Sound Waves for Kids: a STEAM Lesson
Combine science & music as you explore the amazing world of sound. Combing NGSS Science and NAfME music standards, here are some engaging activities that will cover sounds, vibrations, and pitch. Using a variety discovery experiences students will gain a better understanding of the relationships between vibration and sound, as well as size and pitch.
Full Resources & Materials available here: https://www.teacherspayteachers.com/Product/Sound-Waves-for-Kids-A-STEAM-Lesson-3912517
We live in a world of sound and noise, especially for learners for live in an urban environment like my students. We’ve explored the sounds of our neighborhood previously with activities like a Listening Walk, so for this unit I wanted to dive deeper. Not just what are the sounds we hear, but what is the sound we hear? I first realized there was a knowledge gap in this area when I was playing ukulele for my students and one of them touched it while I was playing (a no-no in Mr. C’s book) but he, and everyone else, noticed that the sound stopped immediately. So, after I reminded my class of expectations, I explained that my string had to vibrate in order to make their noise, and in fact all sound in the entire work have to vibrate, and that’s what sound is…. wear hearing the different vibrations of these objects.
Now this explanation probably went over the heads of most of the students, but I began to design an intentional lesson around this concept. What were the essential things my students would need to know? That sound is vibration, that the materials it vibrates through change the sound, and that the size of the object change the vibrations (and subsequently) the sound. So started with a bunch of example like vibrations of a cell phone, ripples, through water, and then an interactive experiment using a tuning fork and a glass of water – these help make the world of sound visible. These the sounds waves that we normally cannot see.
So I explained that they were vibrating through water, and when we hear them they vibrate through the air, but I wanted to show that sounds can vibrate through anything. So in a variation on the classic tin can telephone, we make our own string headphones. I didn’t explain what would happen or why, just gave them instructions on what to try and let them discover on their own. I broke the room up into different, but identical centers, each with lengths of yarn and various objects like a xylophone bar, triangle, etc. Students listened to the object normally, and then thread the yarn through the object, wrapped the string around their fingers and put them in their ears, and whammo! The sound was totally different! Not only were they amazed and engaged, but they were discovering this all for themselves and developing their own theories as to why this was happening. Plus it was pretty hilarious to just see 30 kids walking around, fingers in ears, bumping triangles into tables. This was definitely the funnest part of the whole unit for me.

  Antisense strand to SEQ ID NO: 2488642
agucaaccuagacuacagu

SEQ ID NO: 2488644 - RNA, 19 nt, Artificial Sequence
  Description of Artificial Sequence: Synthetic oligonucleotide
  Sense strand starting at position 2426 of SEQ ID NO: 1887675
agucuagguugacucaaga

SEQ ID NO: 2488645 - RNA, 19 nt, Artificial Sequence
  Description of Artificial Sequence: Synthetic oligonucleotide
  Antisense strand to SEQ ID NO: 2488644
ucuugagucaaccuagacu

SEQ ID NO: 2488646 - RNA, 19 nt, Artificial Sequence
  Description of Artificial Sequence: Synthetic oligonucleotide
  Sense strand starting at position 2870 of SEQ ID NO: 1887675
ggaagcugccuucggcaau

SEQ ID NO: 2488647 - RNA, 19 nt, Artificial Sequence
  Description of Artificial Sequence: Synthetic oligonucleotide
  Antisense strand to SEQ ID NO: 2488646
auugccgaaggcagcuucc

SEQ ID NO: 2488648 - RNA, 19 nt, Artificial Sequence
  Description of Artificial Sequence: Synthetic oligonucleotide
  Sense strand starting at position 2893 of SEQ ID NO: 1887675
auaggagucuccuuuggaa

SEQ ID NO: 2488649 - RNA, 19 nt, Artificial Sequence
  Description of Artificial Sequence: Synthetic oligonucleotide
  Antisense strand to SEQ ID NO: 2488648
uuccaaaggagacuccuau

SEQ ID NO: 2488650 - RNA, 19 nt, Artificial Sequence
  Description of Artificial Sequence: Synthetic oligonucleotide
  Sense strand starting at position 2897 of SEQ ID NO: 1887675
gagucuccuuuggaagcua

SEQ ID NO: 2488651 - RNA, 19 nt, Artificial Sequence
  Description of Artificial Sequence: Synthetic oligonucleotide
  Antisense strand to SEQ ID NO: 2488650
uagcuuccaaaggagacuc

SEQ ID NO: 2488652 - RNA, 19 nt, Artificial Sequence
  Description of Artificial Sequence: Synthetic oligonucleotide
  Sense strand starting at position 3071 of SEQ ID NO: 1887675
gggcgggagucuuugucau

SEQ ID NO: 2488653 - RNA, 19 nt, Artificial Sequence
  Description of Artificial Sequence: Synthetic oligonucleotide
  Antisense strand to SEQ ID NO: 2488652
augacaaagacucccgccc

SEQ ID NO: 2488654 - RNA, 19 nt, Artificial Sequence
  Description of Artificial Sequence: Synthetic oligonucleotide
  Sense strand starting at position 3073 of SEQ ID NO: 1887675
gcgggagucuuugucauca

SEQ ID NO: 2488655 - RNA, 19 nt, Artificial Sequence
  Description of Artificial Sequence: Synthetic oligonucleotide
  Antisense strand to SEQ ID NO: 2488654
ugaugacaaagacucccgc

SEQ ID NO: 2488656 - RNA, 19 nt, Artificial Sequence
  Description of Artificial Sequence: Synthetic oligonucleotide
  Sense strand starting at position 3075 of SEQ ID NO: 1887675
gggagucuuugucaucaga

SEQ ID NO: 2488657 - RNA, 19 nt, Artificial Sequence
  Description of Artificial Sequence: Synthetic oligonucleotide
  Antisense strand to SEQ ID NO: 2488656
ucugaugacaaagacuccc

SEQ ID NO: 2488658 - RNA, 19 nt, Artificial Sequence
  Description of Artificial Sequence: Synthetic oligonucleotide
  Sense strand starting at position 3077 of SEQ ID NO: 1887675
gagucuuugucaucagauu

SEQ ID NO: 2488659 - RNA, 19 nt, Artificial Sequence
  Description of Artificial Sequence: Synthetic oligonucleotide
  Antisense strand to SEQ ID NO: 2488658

Lastly we talked about pitch, which is surprisingly easy to explain when using a visual instrument like a xylophone or Boomwhackers. We made some pitch predictions about instruments based on their size, moved around with some super fun Pitch-Yoga, and then built our own instruments, straw kazoos. all they really have to do is just the straw into a V, bite down, and blow (remember to make it vibrate!) then once they’re all squealing and tooting away, we’ll just their straws. Change the size to change the pitch! I let the students keep them, but I heard that their homerooms teachers weren’t exactly thrilled about that decision – so I can’t really recommend it (but please let them keep them because they made their own musical instruments and will take them home to show their parents, and its just a great way to reinforce learning and to help make that real life connection)
The best part was, I never talked about science, I never said – ok we’re going to learn science now – but they sure as heck were. This is a great example of a successful STEAM unit and how you can (and should) seamlessly integrate subjects. Sounds waves aren’t them most riveting of scientific topics, but with the power of arts integration, I had class after class exploring, experimenting, and discovering sound for themselves. The students just thought it was another music class, and were therefore open to pretty much anything music related, and I used that openness to engagement in what is honestly a pretty difficult concept (explaining something that they can’t see) but give you students a chance and more often that not, they’ll impress you with what they can do!